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Competition & Markets Authority launches enforcement action

4th September, 2020

The Competition and Markets Authority (CMA) has announced today that it is launching enforcement action involving four leading housing developers it believes may have broken consumer protection law in relation to leasehold homes.

As part of its ongoing investigation into the leasehold market, the CMA is opening enforcement cases focusing on certain practices of:

The move to launch enforcement action comes after the CMA found troubling evidence of potentially unfair terms concerning ground rents in leasehold contracts and potential mis-selling. The CMA is concerned that leasehold homeowners may have been unfairly treated and that buyers may have been misled by developers.

The CMA’s enforcement action relates to the following areas of concern:


Unfair contract terms – ground rents

In addition to these issues, the CMA will also be looking further into ground rent increases based on the Retail Price Index (RPI) and may take enforcement action should it find evidence of unfair practices in relation to these. In particular, the CMA is concerned about the fairness of escalating ground rent terms linked to RPI and that these are not always effectively explained by developers when discussing RPI-based ground rent with prospective homeowners.

The CMA will also be investigating certain firms who bought freeholds from these developers and have continued to use the same unfair leasehold contract terms.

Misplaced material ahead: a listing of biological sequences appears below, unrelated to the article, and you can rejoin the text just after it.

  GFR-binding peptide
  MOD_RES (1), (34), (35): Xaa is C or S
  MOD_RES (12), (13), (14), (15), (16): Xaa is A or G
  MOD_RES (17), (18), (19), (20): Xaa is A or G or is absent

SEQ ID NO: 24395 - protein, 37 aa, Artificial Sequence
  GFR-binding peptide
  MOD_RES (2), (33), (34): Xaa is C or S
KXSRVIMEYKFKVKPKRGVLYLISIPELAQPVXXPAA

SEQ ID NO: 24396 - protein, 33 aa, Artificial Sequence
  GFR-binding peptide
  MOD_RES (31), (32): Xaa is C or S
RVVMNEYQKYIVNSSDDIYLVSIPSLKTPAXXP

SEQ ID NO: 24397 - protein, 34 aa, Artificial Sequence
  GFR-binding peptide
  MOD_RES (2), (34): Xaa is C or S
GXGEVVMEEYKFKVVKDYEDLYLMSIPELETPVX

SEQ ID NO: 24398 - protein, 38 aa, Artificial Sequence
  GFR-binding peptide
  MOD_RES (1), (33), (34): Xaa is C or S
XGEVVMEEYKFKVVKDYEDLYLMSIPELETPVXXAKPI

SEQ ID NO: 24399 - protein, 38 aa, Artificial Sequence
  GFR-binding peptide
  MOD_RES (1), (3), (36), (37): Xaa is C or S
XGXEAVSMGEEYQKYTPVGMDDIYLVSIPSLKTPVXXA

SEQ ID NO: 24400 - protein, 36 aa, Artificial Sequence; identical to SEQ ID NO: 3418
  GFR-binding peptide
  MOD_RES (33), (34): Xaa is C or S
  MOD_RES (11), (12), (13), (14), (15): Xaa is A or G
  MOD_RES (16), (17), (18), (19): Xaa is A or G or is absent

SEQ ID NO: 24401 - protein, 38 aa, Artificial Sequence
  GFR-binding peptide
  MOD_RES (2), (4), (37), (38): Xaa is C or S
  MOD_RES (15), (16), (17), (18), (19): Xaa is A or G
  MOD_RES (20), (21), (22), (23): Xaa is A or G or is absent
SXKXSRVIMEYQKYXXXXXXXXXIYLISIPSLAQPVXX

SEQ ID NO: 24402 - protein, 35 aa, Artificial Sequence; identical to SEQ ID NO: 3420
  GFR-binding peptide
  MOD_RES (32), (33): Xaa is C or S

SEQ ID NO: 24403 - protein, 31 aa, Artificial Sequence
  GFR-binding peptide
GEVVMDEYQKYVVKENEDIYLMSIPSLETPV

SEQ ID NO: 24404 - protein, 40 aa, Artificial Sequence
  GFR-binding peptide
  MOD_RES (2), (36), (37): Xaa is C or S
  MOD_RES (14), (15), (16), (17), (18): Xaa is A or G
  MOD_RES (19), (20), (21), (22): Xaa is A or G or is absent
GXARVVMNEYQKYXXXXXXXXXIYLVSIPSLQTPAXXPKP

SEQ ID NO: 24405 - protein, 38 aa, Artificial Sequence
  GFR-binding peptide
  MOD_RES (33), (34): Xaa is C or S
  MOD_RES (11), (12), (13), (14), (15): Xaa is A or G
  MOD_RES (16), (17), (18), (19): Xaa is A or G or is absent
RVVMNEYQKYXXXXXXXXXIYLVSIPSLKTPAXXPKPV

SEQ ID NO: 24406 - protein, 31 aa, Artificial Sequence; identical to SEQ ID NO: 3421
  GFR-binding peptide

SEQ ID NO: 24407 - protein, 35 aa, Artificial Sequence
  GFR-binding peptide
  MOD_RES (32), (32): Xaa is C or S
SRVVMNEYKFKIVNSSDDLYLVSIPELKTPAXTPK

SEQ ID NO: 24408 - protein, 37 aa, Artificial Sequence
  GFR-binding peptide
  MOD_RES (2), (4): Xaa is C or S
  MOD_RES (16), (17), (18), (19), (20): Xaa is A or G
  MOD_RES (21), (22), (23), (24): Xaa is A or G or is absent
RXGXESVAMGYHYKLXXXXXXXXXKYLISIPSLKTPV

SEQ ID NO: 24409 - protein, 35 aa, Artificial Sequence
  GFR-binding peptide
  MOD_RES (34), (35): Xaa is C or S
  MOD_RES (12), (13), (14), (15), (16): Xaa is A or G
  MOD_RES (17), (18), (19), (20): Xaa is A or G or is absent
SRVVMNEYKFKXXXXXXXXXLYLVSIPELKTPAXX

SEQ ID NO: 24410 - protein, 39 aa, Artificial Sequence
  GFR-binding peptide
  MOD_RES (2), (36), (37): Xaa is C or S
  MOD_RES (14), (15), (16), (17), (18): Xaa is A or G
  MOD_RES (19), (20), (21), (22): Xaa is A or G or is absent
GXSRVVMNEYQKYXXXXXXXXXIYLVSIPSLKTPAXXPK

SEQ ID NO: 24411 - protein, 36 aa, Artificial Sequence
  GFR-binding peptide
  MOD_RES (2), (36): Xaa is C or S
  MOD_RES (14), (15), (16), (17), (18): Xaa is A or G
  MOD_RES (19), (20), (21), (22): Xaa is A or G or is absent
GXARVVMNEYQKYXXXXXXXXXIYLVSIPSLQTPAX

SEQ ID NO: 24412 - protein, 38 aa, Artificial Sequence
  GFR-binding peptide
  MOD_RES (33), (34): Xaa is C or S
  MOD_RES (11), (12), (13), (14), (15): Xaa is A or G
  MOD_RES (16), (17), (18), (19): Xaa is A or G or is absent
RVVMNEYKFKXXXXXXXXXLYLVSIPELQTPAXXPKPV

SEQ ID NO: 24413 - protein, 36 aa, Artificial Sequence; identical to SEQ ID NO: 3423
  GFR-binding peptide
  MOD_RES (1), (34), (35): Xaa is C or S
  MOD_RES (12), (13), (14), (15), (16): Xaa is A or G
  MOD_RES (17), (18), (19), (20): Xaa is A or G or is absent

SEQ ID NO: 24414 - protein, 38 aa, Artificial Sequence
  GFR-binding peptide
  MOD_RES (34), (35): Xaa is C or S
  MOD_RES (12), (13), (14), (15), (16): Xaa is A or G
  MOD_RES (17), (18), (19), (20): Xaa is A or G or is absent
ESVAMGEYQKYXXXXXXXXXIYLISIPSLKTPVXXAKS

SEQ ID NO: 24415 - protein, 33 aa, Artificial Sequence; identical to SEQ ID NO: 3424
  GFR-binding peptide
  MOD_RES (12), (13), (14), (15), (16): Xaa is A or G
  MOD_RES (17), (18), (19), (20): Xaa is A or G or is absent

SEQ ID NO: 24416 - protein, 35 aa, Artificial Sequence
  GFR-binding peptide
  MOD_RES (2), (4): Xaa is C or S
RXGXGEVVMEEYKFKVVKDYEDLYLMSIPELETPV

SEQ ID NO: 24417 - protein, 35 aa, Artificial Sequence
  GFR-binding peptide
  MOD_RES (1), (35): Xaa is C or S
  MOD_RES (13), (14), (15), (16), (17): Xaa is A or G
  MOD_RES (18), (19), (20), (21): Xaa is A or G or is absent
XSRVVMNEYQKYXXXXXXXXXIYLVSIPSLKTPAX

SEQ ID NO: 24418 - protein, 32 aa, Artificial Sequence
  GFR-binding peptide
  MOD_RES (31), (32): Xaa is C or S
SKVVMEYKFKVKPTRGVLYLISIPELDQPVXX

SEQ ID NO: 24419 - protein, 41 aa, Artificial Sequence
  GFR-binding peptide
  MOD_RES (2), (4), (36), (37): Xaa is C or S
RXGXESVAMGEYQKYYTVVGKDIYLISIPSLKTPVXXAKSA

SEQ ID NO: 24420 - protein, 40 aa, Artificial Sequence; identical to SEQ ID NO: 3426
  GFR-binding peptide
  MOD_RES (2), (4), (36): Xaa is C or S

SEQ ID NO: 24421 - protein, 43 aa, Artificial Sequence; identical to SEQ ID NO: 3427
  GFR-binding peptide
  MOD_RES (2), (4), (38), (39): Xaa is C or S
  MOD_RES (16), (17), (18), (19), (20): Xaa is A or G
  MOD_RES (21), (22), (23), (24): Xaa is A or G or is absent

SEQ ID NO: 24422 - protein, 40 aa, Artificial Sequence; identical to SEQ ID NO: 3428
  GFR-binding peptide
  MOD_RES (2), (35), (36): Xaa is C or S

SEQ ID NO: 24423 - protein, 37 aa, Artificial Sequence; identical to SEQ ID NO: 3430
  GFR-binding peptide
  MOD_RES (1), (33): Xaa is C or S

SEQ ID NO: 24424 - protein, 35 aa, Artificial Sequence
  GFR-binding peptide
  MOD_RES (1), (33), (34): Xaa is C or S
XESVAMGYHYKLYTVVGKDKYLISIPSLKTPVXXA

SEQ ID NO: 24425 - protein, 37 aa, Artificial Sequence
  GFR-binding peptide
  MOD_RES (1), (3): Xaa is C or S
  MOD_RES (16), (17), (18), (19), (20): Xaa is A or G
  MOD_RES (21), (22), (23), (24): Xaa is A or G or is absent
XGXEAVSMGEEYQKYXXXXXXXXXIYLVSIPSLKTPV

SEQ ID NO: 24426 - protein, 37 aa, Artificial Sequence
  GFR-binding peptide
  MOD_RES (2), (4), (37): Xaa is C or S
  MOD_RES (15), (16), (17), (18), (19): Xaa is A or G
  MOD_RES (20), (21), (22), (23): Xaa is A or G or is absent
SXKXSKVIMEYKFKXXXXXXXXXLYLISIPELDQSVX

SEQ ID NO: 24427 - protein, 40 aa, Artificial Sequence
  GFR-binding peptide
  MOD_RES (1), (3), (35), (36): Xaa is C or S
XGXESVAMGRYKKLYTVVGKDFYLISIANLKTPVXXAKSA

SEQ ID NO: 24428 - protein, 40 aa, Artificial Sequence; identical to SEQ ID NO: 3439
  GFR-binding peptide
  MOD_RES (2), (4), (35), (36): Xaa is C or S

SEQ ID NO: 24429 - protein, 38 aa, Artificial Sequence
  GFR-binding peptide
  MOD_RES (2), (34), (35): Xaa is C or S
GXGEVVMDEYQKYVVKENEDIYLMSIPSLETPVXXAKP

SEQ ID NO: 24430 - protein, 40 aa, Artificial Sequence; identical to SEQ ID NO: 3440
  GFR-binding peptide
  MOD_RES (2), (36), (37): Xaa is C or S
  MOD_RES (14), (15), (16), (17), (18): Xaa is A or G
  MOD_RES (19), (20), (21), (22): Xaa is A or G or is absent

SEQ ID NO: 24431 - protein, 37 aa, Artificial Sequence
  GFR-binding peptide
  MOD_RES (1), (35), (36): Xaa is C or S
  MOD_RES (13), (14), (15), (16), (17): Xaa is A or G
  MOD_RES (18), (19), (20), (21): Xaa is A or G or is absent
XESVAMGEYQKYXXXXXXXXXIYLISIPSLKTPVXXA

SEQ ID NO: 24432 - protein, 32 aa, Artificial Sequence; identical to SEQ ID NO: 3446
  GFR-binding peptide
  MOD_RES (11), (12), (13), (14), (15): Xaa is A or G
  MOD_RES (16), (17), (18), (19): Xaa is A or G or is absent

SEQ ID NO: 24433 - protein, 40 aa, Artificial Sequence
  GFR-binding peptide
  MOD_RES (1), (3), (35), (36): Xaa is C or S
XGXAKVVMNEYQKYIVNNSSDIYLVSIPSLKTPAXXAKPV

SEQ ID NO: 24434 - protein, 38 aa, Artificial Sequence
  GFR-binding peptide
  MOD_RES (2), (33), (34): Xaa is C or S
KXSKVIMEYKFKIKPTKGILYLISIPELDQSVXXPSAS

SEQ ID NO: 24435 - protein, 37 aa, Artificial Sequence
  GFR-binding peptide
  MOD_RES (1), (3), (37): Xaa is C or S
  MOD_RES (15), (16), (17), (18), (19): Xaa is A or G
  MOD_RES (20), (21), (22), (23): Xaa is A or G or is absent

The CMA has now written to Barratt, Countryside, Persimmon, and Taylor Wimpey outlining its concerns and requiring information.

How the case proceeds will depend on the CMA’s assessment of the evidence. Possible outcomes include legal commitments from the companies to change the way they do business, or if necessary, the CMA could take firms to court.

Andrea Coscelli, CMA Chief Executive, said:

“It is unacceptable for housing developers to mislead or take advantage of homebuyers. That’s why we’ve launched today’s enforcement action.”

“Everyone involved in selling leasehold homes should take note: if our investigation demonstrates that there has been mis-selling or unfair contract terms, these will not be tolerated.”

LEASE’s Chair, Wanda Goldwag, said:

“This is a great step forward for leaseholders. We are pleased to hear the announcement of enforcement action, and we will continue to support the CMA where possible.”

Alongside its enforcement action, the CMA is also sending letters to a number of other developers, encouraging them to review their practices to make sure they are treating consumers fairly and complying with the law.

For people who own, or are looking to buy, a leasehold property, the CMA has worked with LEASE to produce written and video guidance. The guidance offers advice on a number of issues, including what leaseholders can do if they are faced with fees or charges that they consider unjustified.

The CMA will continue to work with the Government on its reform plans for the leasehold market, including supporting the move to ban the sale of new leasehold houses and reduce ground rents for new leases to zero.

Other information:

LEASE is governed by a board, appointed as individuals by the Secretary of State for the Department for Levelling Up, Housing & Communities.